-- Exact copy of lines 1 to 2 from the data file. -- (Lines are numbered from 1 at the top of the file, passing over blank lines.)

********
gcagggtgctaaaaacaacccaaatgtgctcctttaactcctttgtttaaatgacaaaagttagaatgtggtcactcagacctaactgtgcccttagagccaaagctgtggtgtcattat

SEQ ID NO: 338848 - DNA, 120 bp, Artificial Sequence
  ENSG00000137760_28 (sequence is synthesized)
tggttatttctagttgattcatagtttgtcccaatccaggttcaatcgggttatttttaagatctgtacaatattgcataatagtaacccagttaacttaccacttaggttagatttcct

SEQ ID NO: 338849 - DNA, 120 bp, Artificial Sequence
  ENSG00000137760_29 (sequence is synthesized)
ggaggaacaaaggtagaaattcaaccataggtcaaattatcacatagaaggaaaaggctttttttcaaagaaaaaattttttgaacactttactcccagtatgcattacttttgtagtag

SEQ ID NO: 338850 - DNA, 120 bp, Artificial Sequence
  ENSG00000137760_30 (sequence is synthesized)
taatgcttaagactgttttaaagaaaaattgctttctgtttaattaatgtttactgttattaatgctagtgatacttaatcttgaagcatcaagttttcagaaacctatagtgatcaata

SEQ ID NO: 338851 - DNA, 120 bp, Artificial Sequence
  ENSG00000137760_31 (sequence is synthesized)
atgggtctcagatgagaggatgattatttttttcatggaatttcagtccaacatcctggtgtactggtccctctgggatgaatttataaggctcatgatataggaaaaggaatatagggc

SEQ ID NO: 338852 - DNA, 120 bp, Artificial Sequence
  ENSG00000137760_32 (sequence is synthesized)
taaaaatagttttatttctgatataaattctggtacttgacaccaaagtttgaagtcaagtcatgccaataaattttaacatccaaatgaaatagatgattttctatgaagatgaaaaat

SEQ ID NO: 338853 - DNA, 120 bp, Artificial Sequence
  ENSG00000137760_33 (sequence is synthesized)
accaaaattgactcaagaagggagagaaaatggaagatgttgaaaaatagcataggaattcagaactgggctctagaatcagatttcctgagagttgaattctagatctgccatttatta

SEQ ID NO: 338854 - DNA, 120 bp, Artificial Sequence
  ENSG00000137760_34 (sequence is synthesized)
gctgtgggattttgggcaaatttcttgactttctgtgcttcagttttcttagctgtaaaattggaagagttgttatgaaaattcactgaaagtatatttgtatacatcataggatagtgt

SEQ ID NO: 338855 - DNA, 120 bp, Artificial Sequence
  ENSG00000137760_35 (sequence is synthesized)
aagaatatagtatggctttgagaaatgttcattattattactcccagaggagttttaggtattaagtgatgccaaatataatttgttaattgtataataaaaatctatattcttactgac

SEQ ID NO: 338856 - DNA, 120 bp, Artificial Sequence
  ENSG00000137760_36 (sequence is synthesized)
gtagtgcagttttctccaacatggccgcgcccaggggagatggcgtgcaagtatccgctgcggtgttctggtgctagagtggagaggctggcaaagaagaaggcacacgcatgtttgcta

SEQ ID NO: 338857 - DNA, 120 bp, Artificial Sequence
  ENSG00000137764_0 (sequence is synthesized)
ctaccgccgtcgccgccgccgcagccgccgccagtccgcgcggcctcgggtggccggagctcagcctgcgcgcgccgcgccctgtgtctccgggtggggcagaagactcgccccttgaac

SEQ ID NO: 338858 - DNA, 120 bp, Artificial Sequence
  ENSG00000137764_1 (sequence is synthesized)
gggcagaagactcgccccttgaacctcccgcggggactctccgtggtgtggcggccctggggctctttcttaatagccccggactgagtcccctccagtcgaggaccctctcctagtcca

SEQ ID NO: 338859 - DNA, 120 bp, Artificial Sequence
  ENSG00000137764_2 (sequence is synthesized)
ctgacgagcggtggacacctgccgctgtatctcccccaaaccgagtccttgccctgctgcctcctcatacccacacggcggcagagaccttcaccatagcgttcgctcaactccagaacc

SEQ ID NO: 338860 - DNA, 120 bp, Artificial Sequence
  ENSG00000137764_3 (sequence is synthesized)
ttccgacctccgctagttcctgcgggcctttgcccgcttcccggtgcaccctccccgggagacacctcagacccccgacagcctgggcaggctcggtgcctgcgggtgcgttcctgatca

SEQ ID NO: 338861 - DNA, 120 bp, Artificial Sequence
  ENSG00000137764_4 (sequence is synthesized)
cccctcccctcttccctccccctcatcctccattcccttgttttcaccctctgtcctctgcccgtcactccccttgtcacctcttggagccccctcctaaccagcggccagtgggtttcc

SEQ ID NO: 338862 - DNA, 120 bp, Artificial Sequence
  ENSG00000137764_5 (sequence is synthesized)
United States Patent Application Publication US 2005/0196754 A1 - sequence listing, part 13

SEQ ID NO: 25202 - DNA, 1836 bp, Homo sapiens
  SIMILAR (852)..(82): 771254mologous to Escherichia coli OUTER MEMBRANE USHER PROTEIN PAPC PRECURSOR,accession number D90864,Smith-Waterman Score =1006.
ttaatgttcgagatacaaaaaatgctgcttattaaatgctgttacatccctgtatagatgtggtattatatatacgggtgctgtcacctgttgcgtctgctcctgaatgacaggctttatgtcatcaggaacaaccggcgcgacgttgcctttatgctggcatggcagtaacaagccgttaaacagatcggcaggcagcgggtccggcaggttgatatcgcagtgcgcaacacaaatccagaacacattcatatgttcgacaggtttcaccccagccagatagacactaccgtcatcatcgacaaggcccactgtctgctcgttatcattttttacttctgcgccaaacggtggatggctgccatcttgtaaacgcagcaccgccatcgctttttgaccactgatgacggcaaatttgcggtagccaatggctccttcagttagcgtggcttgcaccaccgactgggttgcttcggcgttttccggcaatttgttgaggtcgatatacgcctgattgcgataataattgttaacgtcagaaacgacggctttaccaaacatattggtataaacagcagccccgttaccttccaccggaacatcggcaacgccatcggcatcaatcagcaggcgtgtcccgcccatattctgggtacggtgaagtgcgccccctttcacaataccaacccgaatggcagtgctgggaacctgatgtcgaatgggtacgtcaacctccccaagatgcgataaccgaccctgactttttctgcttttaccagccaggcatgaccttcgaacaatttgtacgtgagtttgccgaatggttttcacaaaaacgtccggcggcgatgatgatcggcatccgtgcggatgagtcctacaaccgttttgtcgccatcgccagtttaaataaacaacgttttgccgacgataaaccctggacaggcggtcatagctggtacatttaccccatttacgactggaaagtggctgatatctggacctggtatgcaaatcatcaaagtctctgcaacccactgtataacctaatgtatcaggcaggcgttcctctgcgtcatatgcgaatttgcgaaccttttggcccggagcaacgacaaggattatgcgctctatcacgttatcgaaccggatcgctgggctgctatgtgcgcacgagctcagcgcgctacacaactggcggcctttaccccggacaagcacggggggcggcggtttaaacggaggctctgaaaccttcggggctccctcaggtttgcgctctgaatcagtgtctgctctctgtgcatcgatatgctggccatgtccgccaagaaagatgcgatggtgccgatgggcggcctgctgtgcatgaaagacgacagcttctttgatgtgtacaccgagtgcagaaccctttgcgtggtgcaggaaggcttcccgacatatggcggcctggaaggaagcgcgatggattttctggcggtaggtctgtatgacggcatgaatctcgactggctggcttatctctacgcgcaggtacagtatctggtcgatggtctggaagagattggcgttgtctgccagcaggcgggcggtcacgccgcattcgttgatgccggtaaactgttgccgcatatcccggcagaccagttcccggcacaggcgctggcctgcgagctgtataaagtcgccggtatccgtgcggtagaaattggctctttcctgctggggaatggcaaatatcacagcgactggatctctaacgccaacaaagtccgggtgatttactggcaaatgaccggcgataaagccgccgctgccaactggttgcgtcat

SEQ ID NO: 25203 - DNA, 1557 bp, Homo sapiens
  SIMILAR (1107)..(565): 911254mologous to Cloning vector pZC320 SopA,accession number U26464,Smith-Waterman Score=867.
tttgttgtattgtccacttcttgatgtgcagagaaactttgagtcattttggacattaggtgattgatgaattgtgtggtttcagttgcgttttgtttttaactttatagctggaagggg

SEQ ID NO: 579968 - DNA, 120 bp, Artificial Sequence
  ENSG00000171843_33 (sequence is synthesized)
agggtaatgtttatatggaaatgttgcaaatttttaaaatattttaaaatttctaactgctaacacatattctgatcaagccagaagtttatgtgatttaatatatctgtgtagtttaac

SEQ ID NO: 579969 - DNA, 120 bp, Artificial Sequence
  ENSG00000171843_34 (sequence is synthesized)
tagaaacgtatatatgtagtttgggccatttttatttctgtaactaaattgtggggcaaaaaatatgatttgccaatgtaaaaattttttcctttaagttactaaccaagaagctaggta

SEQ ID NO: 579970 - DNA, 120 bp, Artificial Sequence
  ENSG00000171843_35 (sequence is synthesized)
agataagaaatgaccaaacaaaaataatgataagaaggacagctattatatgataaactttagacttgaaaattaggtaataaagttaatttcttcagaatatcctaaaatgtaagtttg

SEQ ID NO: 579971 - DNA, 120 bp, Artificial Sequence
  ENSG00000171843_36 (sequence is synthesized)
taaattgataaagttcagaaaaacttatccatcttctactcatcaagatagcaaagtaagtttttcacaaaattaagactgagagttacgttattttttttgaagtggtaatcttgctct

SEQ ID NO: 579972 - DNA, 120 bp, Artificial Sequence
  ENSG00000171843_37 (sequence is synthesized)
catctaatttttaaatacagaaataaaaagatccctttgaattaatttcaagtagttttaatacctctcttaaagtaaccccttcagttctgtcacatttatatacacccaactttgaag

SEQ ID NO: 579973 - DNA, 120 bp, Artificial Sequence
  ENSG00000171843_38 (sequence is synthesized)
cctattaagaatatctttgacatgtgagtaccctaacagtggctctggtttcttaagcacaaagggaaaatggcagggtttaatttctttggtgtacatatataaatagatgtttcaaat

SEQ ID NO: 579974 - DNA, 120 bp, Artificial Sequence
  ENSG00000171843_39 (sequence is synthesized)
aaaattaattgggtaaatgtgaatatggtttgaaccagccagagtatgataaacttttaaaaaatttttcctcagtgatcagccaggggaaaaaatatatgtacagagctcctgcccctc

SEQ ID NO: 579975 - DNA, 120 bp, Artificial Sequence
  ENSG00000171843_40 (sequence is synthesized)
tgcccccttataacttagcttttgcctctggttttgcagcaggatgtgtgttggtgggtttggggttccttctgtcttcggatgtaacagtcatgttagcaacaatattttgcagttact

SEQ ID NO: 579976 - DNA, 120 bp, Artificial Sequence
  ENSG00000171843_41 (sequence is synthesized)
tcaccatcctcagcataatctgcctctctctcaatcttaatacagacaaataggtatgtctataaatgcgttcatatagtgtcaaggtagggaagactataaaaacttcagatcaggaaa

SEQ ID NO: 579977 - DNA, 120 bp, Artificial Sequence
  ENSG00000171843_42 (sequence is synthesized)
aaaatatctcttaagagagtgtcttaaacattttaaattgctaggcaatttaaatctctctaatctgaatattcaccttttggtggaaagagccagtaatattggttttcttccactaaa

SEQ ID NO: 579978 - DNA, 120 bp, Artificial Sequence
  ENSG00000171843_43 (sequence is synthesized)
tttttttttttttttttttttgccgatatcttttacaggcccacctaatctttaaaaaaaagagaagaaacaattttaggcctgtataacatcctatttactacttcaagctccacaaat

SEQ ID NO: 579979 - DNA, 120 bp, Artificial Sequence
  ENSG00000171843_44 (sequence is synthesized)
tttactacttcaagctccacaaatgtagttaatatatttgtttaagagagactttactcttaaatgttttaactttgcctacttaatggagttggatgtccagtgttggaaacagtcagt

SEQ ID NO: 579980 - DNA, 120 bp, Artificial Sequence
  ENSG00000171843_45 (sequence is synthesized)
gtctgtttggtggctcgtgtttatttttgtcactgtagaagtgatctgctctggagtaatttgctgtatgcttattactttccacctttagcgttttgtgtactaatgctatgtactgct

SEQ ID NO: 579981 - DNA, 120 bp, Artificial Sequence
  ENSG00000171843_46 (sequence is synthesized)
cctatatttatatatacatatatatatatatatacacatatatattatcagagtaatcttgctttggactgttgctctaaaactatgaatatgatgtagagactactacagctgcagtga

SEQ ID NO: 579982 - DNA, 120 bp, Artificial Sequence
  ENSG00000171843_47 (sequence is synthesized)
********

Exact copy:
gcagggtgctaaaaacaacccaaatgtgctcctttaactcctttgtttaaatgacaaaagttagaatgtggtcactcagacctaactgtgcccttagagccaaagctgtggtgtcattat

SEQ ID NO: 338848 - DNA, 120 bp, Artificial Sequence